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ON YOUR SIDE: What to do if an ice storm takes out your weather head

(KY3)
Published: Jan. 15, 2020 at 8:41 PM CST
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The possibility of ice and strong winds Friday could lead to power outages across the Ozarks.

With most power outages, you call your utility company and wait for crews to get the problem fixed, but if it's your weather head that's causing the problem it's up to you to fix it.

"City utilities obligation ends at the drop from the power pole to your home," said James Tillman, the owner of Complete Electrical Solutions.

Joel Alexander with City Utilities said the city is limited on how it can help.

"If the weather head is damaged on a home our role is going to be we restore the power up to that weather head if the weather head is capable of accepting electricity," he said. "If it's damaged in any way we can't actually reconnect electricity to that home."

Tillman said homeowners will have to turn to an electrician for help.

"We typically can respond pretty fast, but in 2007 when we had the ice storm we had 300 calls in one morning, so you can book up pretty fast," he said.

Tillman said you need to make sure to use a licensed electrician because of the permits and inspections that are involved.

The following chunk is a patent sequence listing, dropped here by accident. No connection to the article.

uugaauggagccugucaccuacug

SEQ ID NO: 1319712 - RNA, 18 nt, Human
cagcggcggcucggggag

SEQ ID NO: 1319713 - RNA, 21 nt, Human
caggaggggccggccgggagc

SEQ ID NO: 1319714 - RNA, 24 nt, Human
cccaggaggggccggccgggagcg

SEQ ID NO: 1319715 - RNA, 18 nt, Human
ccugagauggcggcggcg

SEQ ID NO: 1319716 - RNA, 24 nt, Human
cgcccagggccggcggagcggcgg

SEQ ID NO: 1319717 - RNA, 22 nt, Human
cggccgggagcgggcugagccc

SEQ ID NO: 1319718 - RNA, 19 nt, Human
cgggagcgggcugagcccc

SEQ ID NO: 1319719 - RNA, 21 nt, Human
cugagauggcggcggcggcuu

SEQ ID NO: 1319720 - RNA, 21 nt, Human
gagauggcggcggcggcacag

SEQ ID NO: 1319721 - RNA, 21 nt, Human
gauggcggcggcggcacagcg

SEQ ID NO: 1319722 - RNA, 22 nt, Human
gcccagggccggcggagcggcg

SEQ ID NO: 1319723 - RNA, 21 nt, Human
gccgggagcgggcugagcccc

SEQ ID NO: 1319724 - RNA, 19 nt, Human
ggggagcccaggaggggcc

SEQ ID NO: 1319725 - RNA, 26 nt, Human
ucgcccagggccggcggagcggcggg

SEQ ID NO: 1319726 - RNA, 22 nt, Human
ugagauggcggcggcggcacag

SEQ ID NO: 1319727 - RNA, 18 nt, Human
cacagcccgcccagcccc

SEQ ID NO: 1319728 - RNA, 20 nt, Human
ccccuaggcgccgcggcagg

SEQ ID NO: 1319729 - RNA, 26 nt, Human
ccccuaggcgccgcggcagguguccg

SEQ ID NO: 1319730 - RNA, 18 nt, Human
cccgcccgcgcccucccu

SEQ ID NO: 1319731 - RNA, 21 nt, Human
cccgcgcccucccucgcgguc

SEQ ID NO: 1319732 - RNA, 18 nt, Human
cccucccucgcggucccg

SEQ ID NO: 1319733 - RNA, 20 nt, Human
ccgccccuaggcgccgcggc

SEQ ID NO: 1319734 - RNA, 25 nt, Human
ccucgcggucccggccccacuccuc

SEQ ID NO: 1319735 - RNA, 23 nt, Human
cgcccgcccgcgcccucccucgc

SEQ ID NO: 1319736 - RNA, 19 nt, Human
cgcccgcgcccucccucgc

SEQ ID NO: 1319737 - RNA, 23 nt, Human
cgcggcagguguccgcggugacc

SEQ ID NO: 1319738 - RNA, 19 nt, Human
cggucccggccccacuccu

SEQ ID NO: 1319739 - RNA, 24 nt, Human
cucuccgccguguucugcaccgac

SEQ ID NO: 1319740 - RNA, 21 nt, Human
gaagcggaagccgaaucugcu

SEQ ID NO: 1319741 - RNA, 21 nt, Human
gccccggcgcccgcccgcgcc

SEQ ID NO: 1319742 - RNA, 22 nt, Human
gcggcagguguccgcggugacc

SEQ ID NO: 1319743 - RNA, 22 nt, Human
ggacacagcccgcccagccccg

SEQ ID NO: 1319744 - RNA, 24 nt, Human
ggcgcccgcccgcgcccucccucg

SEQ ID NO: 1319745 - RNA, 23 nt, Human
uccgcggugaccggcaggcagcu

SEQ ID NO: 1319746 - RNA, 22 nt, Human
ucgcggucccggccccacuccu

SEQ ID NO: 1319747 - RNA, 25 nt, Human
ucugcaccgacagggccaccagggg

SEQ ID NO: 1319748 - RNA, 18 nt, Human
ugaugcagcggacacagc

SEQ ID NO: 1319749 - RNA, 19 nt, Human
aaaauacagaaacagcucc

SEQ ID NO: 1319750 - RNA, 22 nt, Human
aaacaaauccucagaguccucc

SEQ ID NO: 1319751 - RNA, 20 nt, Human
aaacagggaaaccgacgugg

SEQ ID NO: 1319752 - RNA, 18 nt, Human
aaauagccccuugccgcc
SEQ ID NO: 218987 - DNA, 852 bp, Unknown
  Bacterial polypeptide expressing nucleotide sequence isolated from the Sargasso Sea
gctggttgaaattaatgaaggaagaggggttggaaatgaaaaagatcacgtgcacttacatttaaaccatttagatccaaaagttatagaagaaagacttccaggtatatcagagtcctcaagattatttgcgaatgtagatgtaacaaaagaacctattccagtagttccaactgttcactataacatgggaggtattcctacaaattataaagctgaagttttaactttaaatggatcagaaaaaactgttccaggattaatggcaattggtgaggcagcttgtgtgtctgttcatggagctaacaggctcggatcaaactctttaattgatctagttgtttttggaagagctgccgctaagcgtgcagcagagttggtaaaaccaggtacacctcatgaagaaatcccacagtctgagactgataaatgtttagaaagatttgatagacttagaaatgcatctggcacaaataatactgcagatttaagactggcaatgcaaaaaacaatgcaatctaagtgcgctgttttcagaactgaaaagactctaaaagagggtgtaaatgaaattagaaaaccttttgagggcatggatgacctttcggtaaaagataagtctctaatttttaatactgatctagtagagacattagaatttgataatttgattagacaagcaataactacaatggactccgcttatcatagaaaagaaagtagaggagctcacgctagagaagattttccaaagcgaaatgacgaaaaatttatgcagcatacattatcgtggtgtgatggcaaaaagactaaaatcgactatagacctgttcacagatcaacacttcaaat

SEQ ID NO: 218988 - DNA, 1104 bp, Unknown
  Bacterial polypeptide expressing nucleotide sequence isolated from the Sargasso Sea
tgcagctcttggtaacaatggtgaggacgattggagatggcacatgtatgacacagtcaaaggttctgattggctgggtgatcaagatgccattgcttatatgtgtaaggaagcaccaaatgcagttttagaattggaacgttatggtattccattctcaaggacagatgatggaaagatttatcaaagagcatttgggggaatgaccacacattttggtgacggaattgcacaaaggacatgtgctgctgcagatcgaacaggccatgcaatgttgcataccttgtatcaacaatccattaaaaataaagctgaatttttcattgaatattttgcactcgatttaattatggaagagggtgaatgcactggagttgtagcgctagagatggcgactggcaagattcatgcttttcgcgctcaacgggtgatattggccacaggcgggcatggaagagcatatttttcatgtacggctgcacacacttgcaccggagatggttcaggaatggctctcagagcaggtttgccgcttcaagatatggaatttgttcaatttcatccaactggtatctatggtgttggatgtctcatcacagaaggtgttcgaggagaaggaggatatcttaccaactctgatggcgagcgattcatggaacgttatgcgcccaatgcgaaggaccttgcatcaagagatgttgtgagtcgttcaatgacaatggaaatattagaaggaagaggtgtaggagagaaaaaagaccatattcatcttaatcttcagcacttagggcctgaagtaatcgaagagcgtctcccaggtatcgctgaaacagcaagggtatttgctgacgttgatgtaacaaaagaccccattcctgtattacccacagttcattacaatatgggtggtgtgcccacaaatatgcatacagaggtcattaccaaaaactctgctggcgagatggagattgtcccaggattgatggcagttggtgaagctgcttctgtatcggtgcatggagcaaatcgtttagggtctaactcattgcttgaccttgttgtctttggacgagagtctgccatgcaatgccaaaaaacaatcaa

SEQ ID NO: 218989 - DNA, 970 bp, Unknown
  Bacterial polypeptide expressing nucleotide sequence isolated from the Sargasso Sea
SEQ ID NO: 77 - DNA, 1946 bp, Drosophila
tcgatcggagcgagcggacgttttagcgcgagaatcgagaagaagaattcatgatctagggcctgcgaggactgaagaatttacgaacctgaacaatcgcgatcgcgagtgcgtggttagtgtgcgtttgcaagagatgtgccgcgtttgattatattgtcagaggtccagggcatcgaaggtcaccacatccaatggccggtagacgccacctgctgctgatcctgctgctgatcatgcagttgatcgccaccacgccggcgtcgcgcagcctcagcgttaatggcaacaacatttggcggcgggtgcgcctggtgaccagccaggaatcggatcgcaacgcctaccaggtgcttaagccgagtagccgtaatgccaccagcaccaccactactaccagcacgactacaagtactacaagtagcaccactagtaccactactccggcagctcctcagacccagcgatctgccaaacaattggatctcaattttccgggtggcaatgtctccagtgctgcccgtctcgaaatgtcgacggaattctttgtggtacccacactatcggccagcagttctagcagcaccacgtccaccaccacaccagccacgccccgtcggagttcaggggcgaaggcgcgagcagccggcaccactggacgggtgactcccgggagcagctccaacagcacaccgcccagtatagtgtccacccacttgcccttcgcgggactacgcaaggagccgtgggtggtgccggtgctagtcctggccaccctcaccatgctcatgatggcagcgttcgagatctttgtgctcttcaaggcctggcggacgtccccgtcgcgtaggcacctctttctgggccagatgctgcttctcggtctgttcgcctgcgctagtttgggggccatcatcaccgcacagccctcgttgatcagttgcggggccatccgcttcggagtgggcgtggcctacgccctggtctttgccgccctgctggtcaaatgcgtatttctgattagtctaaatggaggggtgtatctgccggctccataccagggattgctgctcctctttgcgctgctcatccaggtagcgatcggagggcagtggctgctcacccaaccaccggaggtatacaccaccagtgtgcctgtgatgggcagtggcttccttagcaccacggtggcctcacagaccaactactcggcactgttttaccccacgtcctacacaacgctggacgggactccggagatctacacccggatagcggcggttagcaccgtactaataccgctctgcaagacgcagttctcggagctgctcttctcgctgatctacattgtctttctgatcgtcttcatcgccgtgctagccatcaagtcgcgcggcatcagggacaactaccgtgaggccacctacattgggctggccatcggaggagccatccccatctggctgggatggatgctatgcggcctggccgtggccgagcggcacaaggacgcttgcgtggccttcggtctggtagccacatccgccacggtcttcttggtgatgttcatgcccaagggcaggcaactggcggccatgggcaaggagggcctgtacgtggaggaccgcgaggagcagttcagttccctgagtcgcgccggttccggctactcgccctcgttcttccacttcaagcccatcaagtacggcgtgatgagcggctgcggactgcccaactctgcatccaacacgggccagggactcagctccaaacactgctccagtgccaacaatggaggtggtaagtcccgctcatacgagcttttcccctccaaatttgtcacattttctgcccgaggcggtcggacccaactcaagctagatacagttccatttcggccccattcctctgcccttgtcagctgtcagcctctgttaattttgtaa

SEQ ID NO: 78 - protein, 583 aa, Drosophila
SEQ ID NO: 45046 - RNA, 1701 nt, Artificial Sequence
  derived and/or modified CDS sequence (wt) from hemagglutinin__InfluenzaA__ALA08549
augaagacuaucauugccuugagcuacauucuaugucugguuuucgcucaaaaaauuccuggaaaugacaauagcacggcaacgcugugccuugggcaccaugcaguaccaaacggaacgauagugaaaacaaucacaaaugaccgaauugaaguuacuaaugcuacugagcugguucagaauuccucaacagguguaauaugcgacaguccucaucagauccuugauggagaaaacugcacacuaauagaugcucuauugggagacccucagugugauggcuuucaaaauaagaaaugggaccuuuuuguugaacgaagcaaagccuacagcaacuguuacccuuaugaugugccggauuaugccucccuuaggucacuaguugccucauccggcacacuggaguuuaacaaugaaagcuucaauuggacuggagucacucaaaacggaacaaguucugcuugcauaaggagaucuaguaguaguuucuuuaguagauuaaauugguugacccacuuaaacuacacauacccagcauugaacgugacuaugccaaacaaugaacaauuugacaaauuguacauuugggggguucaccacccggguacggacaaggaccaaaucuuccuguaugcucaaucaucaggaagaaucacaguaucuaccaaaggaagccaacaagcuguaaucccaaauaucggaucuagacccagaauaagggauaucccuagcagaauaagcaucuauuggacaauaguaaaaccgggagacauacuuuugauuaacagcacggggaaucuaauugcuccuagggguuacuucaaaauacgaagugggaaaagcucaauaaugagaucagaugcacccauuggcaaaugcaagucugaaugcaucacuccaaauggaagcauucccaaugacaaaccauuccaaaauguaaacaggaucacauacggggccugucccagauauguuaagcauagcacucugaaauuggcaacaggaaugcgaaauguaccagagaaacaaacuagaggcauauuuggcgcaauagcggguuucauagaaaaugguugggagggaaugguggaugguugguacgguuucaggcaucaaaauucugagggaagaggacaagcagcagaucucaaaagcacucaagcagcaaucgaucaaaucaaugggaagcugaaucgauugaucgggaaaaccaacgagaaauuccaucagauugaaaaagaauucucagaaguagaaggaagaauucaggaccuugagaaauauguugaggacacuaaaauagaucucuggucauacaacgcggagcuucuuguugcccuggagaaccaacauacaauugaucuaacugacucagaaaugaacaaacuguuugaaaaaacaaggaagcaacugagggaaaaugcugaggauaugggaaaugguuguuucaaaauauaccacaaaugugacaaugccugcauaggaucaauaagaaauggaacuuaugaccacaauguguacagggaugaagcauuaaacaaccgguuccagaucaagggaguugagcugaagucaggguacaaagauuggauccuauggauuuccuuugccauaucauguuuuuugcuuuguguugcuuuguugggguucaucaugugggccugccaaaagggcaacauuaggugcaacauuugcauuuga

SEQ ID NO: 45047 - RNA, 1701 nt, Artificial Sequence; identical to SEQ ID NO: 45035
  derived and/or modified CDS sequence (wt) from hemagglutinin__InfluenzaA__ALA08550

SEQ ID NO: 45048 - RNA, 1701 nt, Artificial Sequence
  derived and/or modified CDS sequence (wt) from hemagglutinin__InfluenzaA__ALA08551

"Don't let some bootlegger come in and get you in trouble," he said.

Tillman also recommended checking the price tag before you agree to bring them out. He said some places could be overcharging you.

"A typical repair is between $300 and $500," he said. "It shouldn't cost $1,000."

Tillman said the best way to prevent damage to your weather head is to watch for nearby tree limbs.

"What causes your service to come down is low hanging branches over your power lines," he said. 'Try to get City Utilities to work with you and get everything cut back toward the trees [because] that's typically what causes the ice to bring it down."

City Utilities is constantly trimming trees around Springfield, but if you're worried about those closest to your your weather head the responsibility falls back on you.

"We ask that the customers take care of those," said Alexander. "We're more than happy to come out and disconnect those lines so they can have a contractor come out and take care of the trimming and everything."

He said if you lose power this weekend you should call your utility first and it can help you determine what needs to be done from there.

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